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MBA at 50

(11 Posts)
Whoknowswhatsgoingon Wed 22-Jul-20 19:51:49

Is it worth doing an MBA at 50? I live abroad, have a degree and post grad qualifications but have been doing part time / own businesses for a few years (due to children - living abroad and not speaking the local language)

Now not sure what I want to do but thinking of going back to being a full time employee - would having an MBA help - it’s a lot of money if I am already too old - I could invest the money in starting a new business instead...

Any advice from anyone on here?

OP’s posts: |
Dinosauraddict Fri 24-Jul-20 12:41:40

I don't think you're too old, but not sure what you'd be applying for that it would be necessary?

Whoknowswhatsgoingon Fri 24-Jul-20 20:32:39

Thanks @Dinosauraddict

I don’t know either really - suppose lockdown has got me thinking what to do going forward - I think it’s a bit of a mid life crisis

OP’s posts: |
Dinosauraddict Fri 24-Jul-20 21:04:58

I definitely wouldn't invest that sort of money unless it would result in tangible outcomes. You'd be better off getting a job, and then if it was one where an MBA would be of benefit, seeing if they'd fund it later down the line. Otherwise it's unlikely you'd get much concrete benefit from it, would be out of pocket, and not much more employable. IMO.

SomeoneInTheLaaaaaounge Fri 24-Jul-20 21:23:52

Hiya - I don’t think your age is an issue at all. Very few MBAs actually make an impact in the job market. And then only really useful to quite specific people.

Honestly - a waste of money and very very very boring.

roses2 Fri 24-Jul-20 21:49:55

I did an MBA at a top university in my mid 30s and I was one of the older ones. It was fascinating- I learnt a lot and it definitely made my c.v more marketable.

What type of university are you considering yours at? Is it in the global league table? That makes a huge difference in value to your c.v.

Stuckforthefourthtime Fri 24-Jul-20 21:58:57

I think MBAs are quite narrowly useful for people early in their career looking for jobs (often with large corporations, often US led) where certain roles expect someone with an MBA, or alternatively for people who have a technical or other specialists background and are having trouble breaking into more generalist and managerial roles (e.g. programmer who wants to ultimately become the Chief Technology Officer, or a more general business type role).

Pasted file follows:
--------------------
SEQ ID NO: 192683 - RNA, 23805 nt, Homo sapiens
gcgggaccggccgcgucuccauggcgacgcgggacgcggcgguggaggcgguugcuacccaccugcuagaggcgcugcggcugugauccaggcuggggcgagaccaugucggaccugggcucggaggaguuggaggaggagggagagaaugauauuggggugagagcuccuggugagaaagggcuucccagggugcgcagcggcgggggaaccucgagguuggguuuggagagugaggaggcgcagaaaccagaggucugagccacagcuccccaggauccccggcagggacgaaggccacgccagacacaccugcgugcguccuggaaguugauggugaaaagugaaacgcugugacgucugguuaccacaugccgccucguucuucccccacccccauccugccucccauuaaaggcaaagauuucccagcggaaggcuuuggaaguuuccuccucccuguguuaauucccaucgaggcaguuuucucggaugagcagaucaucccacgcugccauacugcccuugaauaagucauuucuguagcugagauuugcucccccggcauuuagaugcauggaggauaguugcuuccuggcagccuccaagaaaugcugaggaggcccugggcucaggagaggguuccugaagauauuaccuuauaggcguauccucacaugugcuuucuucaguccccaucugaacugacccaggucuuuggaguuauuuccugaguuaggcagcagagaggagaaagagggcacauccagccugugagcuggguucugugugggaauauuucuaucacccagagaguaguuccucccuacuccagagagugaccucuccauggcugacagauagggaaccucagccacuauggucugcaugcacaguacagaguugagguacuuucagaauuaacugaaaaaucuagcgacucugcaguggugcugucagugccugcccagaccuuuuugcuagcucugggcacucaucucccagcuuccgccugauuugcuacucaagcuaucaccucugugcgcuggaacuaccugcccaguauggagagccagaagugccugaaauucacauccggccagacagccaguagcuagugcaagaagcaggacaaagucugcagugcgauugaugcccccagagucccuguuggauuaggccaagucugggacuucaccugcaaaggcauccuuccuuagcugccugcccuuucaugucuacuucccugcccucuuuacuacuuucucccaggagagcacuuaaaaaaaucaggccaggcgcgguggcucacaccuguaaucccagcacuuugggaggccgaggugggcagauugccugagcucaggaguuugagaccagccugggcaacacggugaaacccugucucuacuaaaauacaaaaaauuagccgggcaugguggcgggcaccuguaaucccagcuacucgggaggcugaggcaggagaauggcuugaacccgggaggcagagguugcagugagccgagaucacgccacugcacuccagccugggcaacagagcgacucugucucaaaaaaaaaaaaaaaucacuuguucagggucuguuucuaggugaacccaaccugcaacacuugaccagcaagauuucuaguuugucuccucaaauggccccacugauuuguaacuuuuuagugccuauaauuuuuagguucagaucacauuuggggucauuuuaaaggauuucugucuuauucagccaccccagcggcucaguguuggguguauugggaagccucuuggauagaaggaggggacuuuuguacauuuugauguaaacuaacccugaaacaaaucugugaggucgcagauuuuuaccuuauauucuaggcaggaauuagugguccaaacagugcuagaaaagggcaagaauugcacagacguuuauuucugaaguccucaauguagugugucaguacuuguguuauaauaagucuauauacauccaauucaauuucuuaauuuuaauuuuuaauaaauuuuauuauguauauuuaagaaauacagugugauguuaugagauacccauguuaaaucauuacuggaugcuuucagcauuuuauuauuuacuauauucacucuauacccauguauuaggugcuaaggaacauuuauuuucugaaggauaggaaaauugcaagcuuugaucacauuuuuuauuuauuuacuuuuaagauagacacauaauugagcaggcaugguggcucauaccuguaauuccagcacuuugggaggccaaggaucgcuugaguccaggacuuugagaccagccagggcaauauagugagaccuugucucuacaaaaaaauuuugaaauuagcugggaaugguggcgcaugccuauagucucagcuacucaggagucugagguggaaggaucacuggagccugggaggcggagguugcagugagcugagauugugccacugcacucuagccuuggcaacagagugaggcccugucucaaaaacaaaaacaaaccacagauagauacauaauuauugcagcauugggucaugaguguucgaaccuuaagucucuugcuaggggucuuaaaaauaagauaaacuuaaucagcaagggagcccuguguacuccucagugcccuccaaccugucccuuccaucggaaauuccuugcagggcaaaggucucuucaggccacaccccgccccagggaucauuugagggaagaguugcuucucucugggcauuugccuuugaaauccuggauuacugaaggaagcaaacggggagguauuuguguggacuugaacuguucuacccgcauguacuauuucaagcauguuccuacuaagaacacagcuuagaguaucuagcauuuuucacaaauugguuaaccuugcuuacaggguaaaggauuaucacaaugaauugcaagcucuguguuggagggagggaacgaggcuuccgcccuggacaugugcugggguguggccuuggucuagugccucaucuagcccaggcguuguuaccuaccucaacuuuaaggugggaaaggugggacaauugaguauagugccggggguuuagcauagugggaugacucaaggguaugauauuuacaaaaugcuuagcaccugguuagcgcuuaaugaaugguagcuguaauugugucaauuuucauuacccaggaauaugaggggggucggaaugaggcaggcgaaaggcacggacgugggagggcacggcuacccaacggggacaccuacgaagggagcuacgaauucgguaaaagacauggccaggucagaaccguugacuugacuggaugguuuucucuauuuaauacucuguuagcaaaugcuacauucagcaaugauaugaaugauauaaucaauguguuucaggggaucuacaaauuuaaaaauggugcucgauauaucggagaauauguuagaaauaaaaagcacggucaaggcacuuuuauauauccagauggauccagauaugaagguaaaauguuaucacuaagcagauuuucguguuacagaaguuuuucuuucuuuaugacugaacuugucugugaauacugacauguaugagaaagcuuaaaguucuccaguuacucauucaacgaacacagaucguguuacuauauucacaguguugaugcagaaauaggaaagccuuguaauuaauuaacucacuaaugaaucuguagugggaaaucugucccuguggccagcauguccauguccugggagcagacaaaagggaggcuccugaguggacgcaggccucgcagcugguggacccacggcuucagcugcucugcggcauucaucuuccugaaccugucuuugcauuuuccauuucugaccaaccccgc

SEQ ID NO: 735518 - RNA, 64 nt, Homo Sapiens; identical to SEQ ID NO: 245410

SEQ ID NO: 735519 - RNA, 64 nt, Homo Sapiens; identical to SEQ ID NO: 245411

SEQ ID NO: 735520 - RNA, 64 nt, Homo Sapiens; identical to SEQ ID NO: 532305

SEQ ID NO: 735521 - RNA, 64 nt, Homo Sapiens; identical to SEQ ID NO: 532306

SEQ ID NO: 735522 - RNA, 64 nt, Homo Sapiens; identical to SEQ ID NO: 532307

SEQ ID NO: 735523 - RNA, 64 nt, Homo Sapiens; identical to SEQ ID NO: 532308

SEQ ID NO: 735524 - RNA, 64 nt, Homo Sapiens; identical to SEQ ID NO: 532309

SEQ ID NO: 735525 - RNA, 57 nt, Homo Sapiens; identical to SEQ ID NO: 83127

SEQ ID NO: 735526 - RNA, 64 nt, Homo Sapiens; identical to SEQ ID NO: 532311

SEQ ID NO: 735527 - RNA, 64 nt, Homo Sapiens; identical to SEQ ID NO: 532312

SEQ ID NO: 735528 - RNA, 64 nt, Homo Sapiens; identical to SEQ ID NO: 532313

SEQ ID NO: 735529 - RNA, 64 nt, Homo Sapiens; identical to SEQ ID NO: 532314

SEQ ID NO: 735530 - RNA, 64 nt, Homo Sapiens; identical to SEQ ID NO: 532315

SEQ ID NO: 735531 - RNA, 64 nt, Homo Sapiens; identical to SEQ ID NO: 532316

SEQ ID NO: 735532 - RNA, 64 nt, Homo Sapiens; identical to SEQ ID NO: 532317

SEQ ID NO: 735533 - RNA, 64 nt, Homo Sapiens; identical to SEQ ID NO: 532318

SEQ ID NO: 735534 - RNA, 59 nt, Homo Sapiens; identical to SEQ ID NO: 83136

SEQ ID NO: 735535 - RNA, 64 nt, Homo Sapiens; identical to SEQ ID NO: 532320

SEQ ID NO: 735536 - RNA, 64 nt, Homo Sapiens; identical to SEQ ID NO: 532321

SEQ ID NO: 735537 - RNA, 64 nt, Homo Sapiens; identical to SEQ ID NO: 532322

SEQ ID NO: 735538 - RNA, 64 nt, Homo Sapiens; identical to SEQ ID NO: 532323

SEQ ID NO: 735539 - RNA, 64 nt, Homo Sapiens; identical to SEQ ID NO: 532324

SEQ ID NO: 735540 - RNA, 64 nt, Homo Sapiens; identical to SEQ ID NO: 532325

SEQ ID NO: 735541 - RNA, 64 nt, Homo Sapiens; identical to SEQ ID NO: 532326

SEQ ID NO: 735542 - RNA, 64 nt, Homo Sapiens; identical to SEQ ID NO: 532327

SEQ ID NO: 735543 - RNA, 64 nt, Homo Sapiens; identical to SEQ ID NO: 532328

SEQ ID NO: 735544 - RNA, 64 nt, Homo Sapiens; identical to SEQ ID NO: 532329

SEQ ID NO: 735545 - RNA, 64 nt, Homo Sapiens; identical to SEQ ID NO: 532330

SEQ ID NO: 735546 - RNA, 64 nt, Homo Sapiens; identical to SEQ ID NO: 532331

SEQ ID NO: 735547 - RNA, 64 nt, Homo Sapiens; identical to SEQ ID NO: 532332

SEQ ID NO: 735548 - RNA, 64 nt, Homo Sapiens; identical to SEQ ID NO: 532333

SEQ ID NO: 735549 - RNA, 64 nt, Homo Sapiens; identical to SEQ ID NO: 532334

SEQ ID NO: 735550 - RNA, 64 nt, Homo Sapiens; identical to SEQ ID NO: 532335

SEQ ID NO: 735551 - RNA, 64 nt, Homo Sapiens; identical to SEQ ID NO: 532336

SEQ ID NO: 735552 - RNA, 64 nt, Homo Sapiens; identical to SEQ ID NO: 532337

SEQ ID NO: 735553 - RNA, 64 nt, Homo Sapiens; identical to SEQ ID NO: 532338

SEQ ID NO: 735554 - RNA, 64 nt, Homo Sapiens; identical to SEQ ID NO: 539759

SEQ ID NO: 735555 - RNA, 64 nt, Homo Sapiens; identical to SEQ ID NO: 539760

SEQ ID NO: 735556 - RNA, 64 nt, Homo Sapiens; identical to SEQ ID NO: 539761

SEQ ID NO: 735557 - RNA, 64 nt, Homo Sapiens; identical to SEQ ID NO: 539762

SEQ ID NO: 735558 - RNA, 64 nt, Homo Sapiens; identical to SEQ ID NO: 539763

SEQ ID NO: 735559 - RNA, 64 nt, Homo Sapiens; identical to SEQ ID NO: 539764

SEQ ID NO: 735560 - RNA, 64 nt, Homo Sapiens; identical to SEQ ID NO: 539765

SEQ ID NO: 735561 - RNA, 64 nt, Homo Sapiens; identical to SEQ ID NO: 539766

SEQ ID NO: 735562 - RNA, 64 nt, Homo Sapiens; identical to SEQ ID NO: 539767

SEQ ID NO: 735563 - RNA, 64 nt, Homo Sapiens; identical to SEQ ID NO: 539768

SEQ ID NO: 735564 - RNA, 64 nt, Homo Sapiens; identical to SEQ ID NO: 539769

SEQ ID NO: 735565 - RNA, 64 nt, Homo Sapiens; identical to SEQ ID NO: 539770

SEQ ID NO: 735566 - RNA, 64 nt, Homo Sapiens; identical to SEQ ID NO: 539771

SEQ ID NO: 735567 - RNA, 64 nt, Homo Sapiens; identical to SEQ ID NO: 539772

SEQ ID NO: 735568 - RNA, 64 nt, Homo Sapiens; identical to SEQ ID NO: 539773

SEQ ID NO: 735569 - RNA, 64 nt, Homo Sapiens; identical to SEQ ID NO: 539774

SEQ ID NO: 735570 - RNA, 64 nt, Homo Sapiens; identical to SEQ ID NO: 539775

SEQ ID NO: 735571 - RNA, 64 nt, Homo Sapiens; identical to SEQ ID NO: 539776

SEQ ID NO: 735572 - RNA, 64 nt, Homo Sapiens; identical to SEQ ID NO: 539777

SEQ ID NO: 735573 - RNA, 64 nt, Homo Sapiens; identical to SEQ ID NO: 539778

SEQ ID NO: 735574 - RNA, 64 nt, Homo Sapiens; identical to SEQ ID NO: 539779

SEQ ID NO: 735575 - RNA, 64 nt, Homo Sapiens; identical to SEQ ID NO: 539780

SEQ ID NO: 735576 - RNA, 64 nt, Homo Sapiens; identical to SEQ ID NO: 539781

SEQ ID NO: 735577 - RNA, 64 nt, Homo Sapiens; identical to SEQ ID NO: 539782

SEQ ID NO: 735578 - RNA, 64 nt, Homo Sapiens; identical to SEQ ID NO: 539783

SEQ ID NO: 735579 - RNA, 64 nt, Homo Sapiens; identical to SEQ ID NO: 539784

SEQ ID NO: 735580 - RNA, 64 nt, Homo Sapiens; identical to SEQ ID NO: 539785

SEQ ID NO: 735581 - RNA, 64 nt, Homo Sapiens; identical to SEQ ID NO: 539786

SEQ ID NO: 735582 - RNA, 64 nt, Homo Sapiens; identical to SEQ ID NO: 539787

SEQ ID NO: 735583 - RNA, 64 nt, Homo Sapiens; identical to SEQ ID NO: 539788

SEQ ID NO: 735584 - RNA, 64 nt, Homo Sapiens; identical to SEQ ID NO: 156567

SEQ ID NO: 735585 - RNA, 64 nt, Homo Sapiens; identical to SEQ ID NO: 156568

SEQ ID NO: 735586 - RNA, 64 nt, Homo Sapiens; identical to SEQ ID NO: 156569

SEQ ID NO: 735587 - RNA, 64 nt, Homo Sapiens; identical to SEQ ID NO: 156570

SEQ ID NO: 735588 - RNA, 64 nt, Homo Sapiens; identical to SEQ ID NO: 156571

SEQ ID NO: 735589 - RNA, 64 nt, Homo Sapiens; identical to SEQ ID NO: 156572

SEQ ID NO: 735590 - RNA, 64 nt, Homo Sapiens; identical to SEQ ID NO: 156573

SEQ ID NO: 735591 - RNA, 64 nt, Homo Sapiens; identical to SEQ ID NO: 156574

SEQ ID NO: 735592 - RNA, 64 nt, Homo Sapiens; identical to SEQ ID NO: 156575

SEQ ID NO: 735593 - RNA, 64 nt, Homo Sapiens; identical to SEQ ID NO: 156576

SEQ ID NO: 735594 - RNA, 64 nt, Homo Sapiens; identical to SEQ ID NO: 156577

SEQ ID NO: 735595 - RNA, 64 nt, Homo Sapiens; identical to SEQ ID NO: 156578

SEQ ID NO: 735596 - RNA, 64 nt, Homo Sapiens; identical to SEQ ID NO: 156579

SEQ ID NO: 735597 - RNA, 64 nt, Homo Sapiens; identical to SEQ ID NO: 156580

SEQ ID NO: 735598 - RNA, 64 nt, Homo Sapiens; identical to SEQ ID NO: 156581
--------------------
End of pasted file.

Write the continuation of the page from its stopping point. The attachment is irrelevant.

I think you'd be taking on a ton of debt or spending cash and losing more than 10% of the years you have left to retirement for a very unclear return.

I'd look into the new business idea, or depending on your area, a more specialist training course. Maybe look into volunteer opportunities in an area you're interested in (it's not all charity shop work, you could be writing business cases for funding applications, making a social media strategy etc depending on your talents, joining a board etc).

Jinglebellissimo Fri 24-Jul-20 22:03:29

I have a client who is doing an MBA in her mid fifties. I actually proof read and edit (totally within the rules as English is her second language and she’s undertaking elsewhere).
I believe she is funded by work. But having read the whole thing - it’s bloody boring and in terms of what it includes in my opinion is not more than what I’ve done in ILM and CIM diplomas so cant help but feel it’s all a bloody con,

Whoknowswhatsgoingon Sat 25-Jul-20 08:11:57

Thanks all. Been really helpful to read your replies

I am doing some strategic volunteering and have joined some groups I am interested in so think I will stick with that rather than the MBA. Will look up some training courses too - have one booked to start in a couple of weeks but will see what else appeals.

Hope you all have a great weekend 👍🏻🥂

OP’s posts: |
EmpressoftheMundane Fri 04-Sep-20 18:02:39

I did an MBA in my late 20s. Most of the value is just proving you are the sort of person who can be offered a place on a top program. The rest is in the milk rounds as you graduate. It does little for you after that. I went to a “top 5 European B-school.” There wasn’t much substance to the course work in my opinion.

To get a return on your investment, you need:
1. A school with a good “brand”
2. Plan to work in a region where that brand is esteemed
3. Get a good job that sets you up right out of b-school through the on campus recruitment
4. Have enough career in front of you to recoup your costs

TaraR2020 Thu 17-Sep-20 00:27:59

I considered doing an MBA a few years ago but the cost!!! I don't know how they get away with charging way and above the tuition fee limit unless universities register their business departments as private business schools....Still. I'm very much of the opinion that a degree is hard enough when you're into the subject, and I just don't feel enthused enough by it to warrant the cost - they also don't have the same value now as they used to. Although the network you'd have from a top business school would be great.

There are, however, plenty of MBA books available that you can learn from. I'd also recommend Harvard Business Review Recommended Reads (all on Amazon)

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